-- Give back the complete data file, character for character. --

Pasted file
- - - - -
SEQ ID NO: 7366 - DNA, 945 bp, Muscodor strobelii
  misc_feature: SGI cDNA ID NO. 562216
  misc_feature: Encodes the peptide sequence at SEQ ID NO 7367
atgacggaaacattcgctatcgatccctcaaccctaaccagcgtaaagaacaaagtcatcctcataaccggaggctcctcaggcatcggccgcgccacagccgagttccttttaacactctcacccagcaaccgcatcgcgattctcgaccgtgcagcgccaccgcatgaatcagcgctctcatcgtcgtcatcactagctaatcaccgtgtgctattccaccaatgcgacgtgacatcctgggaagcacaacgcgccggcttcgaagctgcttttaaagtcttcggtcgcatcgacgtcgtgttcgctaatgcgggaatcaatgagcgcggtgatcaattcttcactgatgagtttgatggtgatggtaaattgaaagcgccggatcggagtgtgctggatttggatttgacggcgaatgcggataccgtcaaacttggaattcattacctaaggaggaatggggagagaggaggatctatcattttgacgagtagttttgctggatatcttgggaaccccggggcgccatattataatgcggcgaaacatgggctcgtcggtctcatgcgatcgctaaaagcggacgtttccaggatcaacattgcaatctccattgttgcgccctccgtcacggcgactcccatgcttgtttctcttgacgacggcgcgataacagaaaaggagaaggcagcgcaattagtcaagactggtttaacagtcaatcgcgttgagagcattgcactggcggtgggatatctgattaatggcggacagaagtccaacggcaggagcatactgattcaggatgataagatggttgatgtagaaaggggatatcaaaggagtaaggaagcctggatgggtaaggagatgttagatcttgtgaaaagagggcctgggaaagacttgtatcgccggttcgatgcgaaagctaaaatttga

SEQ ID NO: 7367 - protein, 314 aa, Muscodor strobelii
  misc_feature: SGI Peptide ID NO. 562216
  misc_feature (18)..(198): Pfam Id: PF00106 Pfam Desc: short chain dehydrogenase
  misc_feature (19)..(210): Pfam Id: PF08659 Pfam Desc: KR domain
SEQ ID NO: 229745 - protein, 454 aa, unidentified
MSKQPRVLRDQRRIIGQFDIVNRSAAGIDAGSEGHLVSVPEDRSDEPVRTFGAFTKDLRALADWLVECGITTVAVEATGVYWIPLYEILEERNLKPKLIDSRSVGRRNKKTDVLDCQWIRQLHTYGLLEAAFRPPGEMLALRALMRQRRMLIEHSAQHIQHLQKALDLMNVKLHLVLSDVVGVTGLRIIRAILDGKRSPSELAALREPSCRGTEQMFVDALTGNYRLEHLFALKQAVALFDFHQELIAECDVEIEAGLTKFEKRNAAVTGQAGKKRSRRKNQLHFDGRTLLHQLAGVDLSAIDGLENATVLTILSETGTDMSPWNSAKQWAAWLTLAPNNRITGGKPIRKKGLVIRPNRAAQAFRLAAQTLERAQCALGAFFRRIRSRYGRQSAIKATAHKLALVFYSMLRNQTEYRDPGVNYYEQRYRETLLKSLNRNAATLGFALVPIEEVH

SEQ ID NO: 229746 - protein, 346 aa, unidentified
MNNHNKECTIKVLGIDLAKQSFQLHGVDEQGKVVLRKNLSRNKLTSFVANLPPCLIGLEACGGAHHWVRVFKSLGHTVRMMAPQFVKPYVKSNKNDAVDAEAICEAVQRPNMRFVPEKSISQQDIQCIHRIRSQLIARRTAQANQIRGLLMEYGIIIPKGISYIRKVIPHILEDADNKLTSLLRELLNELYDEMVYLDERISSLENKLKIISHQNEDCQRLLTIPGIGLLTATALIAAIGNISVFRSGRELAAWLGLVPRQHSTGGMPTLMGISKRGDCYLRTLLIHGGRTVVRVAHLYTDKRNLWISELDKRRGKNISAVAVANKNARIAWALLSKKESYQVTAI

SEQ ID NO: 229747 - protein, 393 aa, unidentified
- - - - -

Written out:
SEQ ID NO: 7366 - DNA, 945 bp, Muscodor strobelii
  misc_feature: SGI cDNA ID NO. 562216
  misc_feature: Encodes the peptide sequence at SEQ ID NO 7367
atgacggaaacattcgctatcgatccctcaaccctaaccagcgtaaagaacaaagtcatcctcataaccggaggctcctcaggcatcggccgcgccacagccgagttccttttaacactctcacccagcaaccgcatcgcgattctcgaccgtgcagcgccaccgcatgaatcagcgctctcatcgtcgtcatcactagctaatcaccgtgtgctattccaccaatgcgacgtgacatcctgggaagcacaacgcgccggcttcgaagctgcttttaaagtcttcggtcgcatcgacgtcgtgttcgctaatgcgggaatcaatgagcgcggtgatcaattcttcactgatgagtttgatggtgatggtaaattgaaagcgccggatcggagtgtgctggatttggatttgacggcgaatgcggataccgtcaaacttggaattcattacctaaggaggaatggggagagaggaggatctatcattttgacgagtagttttgctggatatcttgggaaccccggggcgccatattataatgcggcgaaacatgggctcgtcggtctcatgcgatcgctaaaagcggacgtttccaggatcaacattgcaatctccattgttgcgccctccgtcacggcgactcccatgcttgtttctcttgacgacggcgcgataacagaaaaggagaaggcagcgcaattagtcaagactggtttaacagtcaatcgcgttgagagcattgcactggcggtgggatatctgattaatggcggacagaagtccaacggcaggagcatactgattcaggatgataagatggttgatgtagaaaggggatatcaaaggagtaaggaagcctggatgggtaaggagatgttagatcttgtgaaaagagggcctgggaaagacttgtatcgccggttcgatgcgaaagctaaaatttga

SEQ ID NO: 7367 - protein, 314 aa, Muscodor strobelii
  misc_feature: SGI Peptide ID NO. 562216
  misc_feature (18)..(198): Pfam Id: PF00106 Pfam Desc: short chain dehydrogenase
  misc_feature (19)..(210): Pfam Id: PF08659 Pfam Desc: KR domain
SEQ ID NO: 229745 - protein, 454 aa, unidentified
MSKQPRVLRDQRRIIGQFDIVNRSAAGIDAGSEGHLVSVPEDRSDEPVRTFGAFTKDLRALADWLVECGITTVAVEATGVYWIPLYEILEERNLKPKLIDSRSVGRRNKKTDVLDCQWIRQLHTYGLLEAAFRPPGEMLALRALMRQRRMLIEHSAQHIQHLQKALDLMNVKLHLVLSDVVGVTGLRIIRAILDGKRSPSELAALREPSCRGTEQMFVDALTGNYRLEHLFALKQAVALFDFHQELIAECDVEIEAGLTKFEKRNAAVTGQAGKKRSRRKNQLHFDGRTLLHQLAGVDLSAIDGLENATVLTILSETGTDMSPWNSAKQWAAWLTLAPNNRITGGKPIRKKGLVIRPNRAAQAFRLAAQTLERAQCALGAFFRRIRSRYGRQSAIKATAHKLALVFYSMLRNQTEYRDPGVNYYEQRYRETLLKSLNRNAATLGFALVPIEEVH

SEQ ID NO: 229746 - protein, 346 aa, unidentified
MNNHNKECTIKVLGIDLAKQSFQLHGVDEQGKVVLRKNLSRNKLTSFVANLPPCLIGLEACGGAHHWVRVFKSLGHTVRMMAPQFVKPYVKSNKNDAVDAEAICEAVQRPNMRFVPEKSISQQDIQCIHRIRSQLIARRTAQANQIRGLLMEYGIIIPKGISYIRKVIPHILEDADNKLTSLLRELLNELYDEMVYLDERISSLENKLKIISHQNEDCQRLLTIPGIGLLTATALIAAIGNISVFRSGRELAAWLGLVPRQHSTGGMPTLMGISKRGDCYLRTLLIHGGRTVVRVAHLYTDKRNLWISELDKRRGKNISAVAVANKNARIAWALLSKKESYQVTAI

SEQ ID NO: 229747 - protein, 393 aa, unidentified